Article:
To accommodate that, Apple Park features a whopping 9,000 parking spots (presumably the other 3,000 employees will use the private shuttle bus instead). Those 9,000 cars will be an added burden on the region’s traffic problems, as Wired reports, not to mention that whole global carbon pollution thing.

You can read Roger’s full piece here, but the takeaway is simple: With so much money, Apple could have made meaningful improvements to the community — building state-of-the-art mass transit, for example — but chose to make a sparkly, exclusionary statement instead.

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Barring a miracle, Republicans will cut food for the hungry.

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Dear climate visionaries: Resist France’s allure

Back in February, when France’s then-presidential candidate Emmanuel Macron thumbed his nose at President Donald Trump and invited jaded U.S. scientists and inventors to come build a sustainable future in France, I applauded and played along.

“[L]et’s face it,” I wrote. “France is a tough sell. The food is irritatingly fresh, the architecture tends to distract people from their cellphones, and the high-speed rail lines get in the way of SUVs.”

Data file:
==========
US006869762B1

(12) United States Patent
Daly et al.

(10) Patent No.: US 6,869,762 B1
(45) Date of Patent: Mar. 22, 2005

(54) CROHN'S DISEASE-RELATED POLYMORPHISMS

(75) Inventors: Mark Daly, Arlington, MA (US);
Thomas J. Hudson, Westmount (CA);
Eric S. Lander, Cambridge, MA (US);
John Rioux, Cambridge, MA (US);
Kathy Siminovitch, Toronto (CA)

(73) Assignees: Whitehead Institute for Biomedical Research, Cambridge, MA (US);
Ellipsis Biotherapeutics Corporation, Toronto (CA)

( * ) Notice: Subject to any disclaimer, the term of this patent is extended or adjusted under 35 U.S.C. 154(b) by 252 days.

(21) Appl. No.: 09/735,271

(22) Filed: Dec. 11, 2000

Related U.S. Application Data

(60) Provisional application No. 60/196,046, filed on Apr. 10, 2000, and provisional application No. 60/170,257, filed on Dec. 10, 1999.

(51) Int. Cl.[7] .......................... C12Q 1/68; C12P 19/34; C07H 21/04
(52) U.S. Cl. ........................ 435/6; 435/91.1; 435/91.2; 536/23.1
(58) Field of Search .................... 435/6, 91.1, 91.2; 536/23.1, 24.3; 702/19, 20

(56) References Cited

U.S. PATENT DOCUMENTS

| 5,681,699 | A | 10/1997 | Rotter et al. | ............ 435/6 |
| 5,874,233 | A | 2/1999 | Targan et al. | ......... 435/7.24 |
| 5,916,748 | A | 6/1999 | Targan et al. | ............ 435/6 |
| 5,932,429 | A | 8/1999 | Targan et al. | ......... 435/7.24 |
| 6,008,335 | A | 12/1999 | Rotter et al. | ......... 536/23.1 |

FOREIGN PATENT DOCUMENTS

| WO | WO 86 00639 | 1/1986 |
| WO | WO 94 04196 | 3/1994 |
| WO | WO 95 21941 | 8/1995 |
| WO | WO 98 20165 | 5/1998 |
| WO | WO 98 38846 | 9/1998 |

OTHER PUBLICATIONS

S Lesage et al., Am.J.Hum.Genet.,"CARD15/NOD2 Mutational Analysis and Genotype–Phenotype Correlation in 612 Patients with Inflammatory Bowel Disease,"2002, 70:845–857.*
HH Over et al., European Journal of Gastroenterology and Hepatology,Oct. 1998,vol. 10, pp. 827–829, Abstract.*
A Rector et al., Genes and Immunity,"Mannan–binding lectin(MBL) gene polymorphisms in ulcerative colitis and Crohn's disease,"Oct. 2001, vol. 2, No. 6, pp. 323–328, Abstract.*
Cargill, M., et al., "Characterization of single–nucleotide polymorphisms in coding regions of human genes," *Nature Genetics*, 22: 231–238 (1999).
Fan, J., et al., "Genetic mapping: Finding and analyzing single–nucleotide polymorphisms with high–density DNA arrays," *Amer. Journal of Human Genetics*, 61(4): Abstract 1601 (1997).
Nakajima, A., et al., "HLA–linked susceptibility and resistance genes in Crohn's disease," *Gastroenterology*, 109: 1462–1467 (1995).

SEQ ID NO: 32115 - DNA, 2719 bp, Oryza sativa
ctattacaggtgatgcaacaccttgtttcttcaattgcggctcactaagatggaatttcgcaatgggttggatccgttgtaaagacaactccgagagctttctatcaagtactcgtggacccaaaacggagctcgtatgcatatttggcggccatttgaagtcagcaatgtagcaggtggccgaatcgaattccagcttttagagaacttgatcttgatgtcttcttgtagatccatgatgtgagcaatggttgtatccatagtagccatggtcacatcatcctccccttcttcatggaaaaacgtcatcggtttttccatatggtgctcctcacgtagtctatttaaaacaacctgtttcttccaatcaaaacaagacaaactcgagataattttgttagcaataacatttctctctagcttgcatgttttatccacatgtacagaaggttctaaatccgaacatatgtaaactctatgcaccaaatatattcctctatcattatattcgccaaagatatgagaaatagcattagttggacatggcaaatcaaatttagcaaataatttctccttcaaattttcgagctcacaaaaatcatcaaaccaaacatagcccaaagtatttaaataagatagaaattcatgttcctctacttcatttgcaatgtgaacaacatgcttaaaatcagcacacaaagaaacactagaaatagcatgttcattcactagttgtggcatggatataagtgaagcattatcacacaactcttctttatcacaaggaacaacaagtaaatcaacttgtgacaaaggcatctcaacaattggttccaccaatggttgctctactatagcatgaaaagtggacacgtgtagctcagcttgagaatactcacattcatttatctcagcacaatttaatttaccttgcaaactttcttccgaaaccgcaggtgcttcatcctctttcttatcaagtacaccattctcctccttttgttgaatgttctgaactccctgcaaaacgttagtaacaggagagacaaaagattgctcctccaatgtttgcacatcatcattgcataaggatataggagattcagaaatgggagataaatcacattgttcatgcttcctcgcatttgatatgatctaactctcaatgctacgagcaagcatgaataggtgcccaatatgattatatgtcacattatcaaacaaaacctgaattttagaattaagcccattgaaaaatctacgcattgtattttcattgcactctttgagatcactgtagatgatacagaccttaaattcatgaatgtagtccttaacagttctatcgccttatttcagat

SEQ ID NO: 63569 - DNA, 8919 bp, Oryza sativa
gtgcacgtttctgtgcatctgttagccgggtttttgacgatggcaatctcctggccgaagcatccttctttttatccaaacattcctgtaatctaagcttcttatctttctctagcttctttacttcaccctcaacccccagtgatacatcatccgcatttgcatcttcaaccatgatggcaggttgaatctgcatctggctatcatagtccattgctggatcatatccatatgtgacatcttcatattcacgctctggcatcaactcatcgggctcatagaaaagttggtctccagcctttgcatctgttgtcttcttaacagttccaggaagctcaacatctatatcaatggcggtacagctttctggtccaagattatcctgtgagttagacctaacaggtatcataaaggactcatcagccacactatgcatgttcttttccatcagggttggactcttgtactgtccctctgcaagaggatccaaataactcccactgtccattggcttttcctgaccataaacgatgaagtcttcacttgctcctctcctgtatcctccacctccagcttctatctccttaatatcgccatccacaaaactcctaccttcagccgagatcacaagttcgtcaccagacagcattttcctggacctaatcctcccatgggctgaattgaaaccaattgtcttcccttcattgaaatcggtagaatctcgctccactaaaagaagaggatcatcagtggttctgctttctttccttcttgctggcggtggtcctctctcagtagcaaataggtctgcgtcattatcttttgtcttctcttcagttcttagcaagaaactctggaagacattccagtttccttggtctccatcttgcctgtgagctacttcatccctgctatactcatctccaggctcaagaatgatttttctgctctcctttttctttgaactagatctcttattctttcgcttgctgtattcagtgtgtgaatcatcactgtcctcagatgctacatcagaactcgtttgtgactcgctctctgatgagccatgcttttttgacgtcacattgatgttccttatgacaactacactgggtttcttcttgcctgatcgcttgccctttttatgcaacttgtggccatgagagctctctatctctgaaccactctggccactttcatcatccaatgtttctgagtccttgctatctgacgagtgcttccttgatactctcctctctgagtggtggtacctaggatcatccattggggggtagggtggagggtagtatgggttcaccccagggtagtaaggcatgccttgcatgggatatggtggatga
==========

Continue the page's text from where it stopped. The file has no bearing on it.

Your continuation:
But now that Macron is president and has backed up his words with substance, setting up a program to bring American climate visionaries to France, it’s no longer funny. If you’re an entrepreneur, scientist, or engineer disillusioned with Trump’s America and tempted by this offer, please don’t go. It’s a terrible idea. Do you hear me, Katharine Hayhoe?

Mais porquoi? you say, after thumbing through your French phrasebook. Because the United States, the world’s second-biggest polluter, is a much more pernicious driver of climate change than France, the 18th. We need you here. The world needs you here. The future needs you here.

OK, I’ll cop to getting a little carried away. We should give Macron his due. He’s offering a four-year grant to people from anywhere in the world, so they can come work on climate change projects in France. That’s great! Science, technologies, and companies created in France won’t be constrained by French borders. We’ll all benefit. And it’s just for four years, the nominal length of Trump’s (first) term. But c’mon, be real: Nobody goes to France to live for just four years.

This screenshot from Macron’s new website, titled “Make Our Planet Great Again” seems to confirm my concerns that France wants to keep our smarties forever.

I’m worried about a brain drain. We can’t afford to lose the political heft of scientists as communicators and U.S. citizens. The United States needs people who weigh evidence and allow that evidence to change their minds. We need men and women like this of all political stripes living in American towns, talking to their American friends, going to American churches, and helping to make this country sane again. If we all sort ourselves into like-minded factions, and a chunk of the rational faction moves to France, we’re screwed. We really can’t afford to lose Neil DeGrasse Tyson to the Riviera. James Hansen, Pam Ronald … stay!

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Dear climate visionaries: Resist France’s allure